About This Episode
As entrepreneurs and business leaders, we need to be well-rounded and holistic in our personal and professional growth. We need to continue pursuing new knowledge, honing our skills, improving our strategies, and building the right character and mindset to support our growth.
That’s what I talked about with James Stanley, Founder and Principal of James Stanley NY, and today’s guest for this episode of Brilliant Thoughts, a Success magazine podcast.
In over 14 years in the architectural and design industry, James has had his fair share of challenges to overcome in order to achieve success. He’s worked on projects with some big names, such as designing the private showroom of Tiffany & Co. and the Centurion in Midtown, where he met Donald Trump years before becoming president.
Not just anyone can add those projects to their portfolio without a lot of tenacity and perseverance involved. And one can’t go through all that without learning something life-changing about themselves and their business.
You need to know the basics of running your own business.
Starting out, James’s firm was strictly architectural and interior design. After four to five years of butting heads with subcontractors, he decided to pivot to a full Design-Build business model and got a license to build a full-size general construction arm of his business. Growing two businesses side-by-side isn’t easy, and James learned a lot from the experience.
His advice for all entrepreneurs out there, especially those just starting out, is to get enough knowledge on how to run a business. Take a business course at your community college. It pays to know the basics.
The staples in any form of business are the same: you need to know your goals, as well as your financials, HR practices, insurance, labor laws, etc. — all of the things business owners wish they didn’t have to deal with but can’t afford to not take care of.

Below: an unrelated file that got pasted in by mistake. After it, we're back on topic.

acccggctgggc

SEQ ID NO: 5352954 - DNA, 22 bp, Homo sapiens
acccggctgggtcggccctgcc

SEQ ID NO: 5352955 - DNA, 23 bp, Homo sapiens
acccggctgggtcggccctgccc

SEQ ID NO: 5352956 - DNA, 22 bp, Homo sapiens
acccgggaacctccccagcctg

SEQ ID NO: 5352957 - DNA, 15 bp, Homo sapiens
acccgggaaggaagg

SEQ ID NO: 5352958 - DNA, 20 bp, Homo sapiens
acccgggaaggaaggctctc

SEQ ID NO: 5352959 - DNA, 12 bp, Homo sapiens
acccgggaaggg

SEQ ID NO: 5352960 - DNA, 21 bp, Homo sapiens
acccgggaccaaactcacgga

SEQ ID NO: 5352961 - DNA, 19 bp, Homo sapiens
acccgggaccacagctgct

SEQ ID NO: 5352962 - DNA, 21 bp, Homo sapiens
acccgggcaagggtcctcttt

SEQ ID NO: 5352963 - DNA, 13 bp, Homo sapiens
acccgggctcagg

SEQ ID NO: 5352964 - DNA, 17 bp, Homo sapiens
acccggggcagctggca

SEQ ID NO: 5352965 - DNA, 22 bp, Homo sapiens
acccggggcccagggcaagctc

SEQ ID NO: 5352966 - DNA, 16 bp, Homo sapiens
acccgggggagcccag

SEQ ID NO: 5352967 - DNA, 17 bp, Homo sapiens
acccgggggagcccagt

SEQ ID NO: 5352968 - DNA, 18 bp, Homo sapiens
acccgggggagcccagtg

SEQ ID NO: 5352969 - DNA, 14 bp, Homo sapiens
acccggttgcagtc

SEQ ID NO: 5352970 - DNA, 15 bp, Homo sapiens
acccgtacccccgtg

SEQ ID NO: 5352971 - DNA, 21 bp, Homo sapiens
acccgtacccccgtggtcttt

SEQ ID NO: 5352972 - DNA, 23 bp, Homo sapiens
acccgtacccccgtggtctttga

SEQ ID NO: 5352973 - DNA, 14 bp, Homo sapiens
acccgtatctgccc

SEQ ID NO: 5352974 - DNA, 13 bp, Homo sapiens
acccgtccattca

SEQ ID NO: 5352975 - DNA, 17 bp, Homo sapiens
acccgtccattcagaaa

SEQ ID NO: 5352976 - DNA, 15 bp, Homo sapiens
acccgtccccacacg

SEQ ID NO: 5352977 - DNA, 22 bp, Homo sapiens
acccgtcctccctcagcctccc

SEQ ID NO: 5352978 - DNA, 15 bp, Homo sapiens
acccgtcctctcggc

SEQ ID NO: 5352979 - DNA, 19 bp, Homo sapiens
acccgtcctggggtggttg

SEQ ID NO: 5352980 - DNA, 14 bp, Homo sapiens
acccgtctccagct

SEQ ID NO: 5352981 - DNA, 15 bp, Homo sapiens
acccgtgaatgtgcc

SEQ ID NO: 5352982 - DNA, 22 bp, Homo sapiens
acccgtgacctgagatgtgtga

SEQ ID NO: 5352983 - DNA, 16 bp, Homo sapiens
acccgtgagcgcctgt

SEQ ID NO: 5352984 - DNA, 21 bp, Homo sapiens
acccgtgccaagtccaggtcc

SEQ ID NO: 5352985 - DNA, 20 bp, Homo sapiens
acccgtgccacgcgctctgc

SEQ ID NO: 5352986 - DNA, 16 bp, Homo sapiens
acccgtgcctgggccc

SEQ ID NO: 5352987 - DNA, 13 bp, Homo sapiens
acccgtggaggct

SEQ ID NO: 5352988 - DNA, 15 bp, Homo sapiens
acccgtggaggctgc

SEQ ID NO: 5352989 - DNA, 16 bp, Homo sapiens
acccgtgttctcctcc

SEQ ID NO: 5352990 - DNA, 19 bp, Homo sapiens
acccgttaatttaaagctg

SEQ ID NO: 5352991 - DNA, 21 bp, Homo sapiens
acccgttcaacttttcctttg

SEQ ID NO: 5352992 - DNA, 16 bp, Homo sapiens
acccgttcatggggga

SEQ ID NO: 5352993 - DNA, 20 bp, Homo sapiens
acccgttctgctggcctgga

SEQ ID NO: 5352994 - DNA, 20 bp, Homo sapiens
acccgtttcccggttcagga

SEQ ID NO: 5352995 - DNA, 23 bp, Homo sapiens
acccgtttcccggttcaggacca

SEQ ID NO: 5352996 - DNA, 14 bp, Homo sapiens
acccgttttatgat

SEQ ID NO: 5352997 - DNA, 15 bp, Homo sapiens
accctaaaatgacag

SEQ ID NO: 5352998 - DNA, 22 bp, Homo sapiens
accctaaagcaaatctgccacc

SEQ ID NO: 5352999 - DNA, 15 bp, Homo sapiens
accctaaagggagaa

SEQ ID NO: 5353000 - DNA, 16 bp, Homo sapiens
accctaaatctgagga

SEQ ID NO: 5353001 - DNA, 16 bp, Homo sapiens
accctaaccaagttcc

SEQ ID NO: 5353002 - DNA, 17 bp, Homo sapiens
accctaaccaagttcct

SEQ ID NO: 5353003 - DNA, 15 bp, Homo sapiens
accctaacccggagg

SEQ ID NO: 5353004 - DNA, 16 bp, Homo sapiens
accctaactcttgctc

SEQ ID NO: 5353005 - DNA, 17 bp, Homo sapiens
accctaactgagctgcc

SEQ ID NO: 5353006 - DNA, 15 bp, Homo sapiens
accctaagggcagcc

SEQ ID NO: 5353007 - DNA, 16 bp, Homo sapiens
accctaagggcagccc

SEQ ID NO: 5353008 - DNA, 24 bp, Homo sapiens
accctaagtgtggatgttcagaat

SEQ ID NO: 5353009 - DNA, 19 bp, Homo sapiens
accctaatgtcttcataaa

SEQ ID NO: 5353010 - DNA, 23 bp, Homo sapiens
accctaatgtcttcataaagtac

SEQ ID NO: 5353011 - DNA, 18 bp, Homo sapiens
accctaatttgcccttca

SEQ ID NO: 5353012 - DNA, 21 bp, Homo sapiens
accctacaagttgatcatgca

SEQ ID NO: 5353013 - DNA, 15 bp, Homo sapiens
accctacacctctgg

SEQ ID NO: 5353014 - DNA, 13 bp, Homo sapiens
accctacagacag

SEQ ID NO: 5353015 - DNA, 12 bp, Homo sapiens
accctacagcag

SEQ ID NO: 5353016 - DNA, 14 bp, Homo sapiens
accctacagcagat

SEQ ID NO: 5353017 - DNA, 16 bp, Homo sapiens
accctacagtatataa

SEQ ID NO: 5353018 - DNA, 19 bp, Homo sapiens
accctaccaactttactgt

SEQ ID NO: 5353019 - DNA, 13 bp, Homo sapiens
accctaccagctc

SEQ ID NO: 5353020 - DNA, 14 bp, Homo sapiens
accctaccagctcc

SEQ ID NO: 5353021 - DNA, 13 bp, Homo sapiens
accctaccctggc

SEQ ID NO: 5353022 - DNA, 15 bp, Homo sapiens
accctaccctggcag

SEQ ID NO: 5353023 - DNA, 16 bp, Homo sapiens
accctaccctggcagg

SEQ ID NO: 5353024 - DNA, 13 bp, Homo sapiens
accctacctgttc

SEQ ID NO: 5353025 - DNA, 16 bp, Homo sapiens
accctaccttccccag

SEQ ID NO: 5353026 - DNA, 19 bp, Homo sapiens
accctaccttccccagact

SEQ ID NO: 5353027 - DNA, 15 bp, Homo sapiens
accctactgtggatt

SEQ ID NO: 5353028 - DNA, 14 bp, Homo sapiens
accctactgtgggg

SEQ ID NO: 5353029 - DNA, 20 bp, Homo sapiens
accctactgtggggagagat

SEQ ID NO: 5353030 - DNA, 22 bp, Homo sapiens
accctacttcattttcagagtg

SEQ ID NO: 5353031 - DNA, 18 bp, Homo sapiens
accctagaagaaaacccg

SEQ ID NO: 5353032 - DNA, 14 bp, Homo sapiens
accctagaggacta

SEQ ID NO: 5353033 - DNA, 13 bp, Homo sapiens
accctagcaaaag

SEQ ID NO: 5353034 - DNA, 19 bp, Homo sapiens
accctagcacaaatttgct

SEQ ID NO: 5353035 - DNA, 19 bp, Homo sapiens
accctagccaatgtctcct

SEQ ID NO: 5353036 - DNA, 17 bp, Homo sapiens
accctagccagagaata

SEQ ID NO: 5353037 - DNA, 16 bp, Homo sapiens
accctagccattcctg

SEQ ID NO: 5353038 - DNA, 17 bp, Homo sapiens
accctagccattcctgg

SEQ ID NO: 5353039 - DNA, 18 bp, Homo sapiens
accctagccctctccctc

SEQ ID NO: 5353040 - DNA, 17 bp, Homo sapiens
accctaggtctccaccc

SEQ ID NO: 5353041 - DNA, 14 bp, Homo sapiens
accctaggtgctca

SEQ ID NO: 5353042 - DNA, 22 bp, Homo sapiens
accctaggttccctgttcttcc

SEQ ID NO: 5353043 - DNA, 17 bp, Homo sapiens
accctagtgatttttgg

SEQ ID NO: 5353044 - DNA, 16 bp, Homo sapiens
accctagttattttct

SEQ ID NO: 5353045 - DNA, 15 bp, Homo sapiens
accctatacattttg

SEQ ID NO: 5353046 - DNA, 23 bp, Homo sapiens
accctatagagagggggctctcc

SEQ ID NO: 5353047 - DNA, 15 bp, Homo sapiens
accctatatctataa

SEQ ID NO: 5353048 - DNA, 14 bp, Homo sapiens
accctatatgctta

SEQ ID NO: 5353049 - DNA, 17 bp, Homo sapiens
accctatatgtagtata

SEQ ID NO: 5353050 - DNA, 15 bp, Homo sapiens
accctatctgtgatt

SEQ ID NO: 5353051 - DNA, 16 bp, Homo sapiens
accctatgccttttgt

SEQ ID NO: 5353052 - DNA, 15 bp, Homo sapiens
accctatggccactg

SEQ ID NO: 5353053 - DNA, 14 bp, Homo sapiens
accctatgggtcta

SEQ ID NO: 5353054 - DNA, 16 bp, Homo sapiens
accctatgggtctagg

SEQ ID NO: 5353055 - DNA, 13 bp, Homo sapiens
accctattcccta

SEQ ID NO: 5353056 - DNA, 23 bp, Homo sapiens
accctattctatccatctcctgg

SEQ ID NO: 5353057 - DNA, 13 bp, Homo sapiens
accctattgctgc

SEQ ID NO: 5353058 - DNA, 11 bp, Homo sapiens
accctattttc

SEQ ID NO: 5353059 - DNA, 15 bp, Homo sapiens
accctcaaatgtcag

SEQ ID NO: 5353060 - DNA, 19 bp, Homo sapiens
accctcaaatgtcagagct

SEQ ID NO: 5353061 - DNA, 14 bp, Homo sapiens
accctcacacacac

You can always hire people with expertise in these areas, but as the one steering the ship of your business, you need to know enough to assess whether those you hired are moving your ship in the right direction.
“There was a time I didn’t know… I was so busy working and so busy looking down that I wasn't looking up to see ‘where are we going?’” James shares. “I was focused on the day-to-day down here. And there's a difference when you look up and you have a 360 view. But it takes experience or schooling or something to do that, you know?”
When he was starting out, he faced similar challenges we all face when building a business from the ground up: lacking the funds to hire top-tier talent to take care of other business processes and getting screwed over by some of the people we hired.
If you know the basics of how to run a business, you have the wisdom to judge whether the people you are hiring know the job and can gauge well what they can contribute to your growth.
“Do not rely on anybody to try and tell you how to run your business,” James advises.
You will burn out. It is inevitable.
After over a decade in the industry, James learned that burnout is a matter of awareness.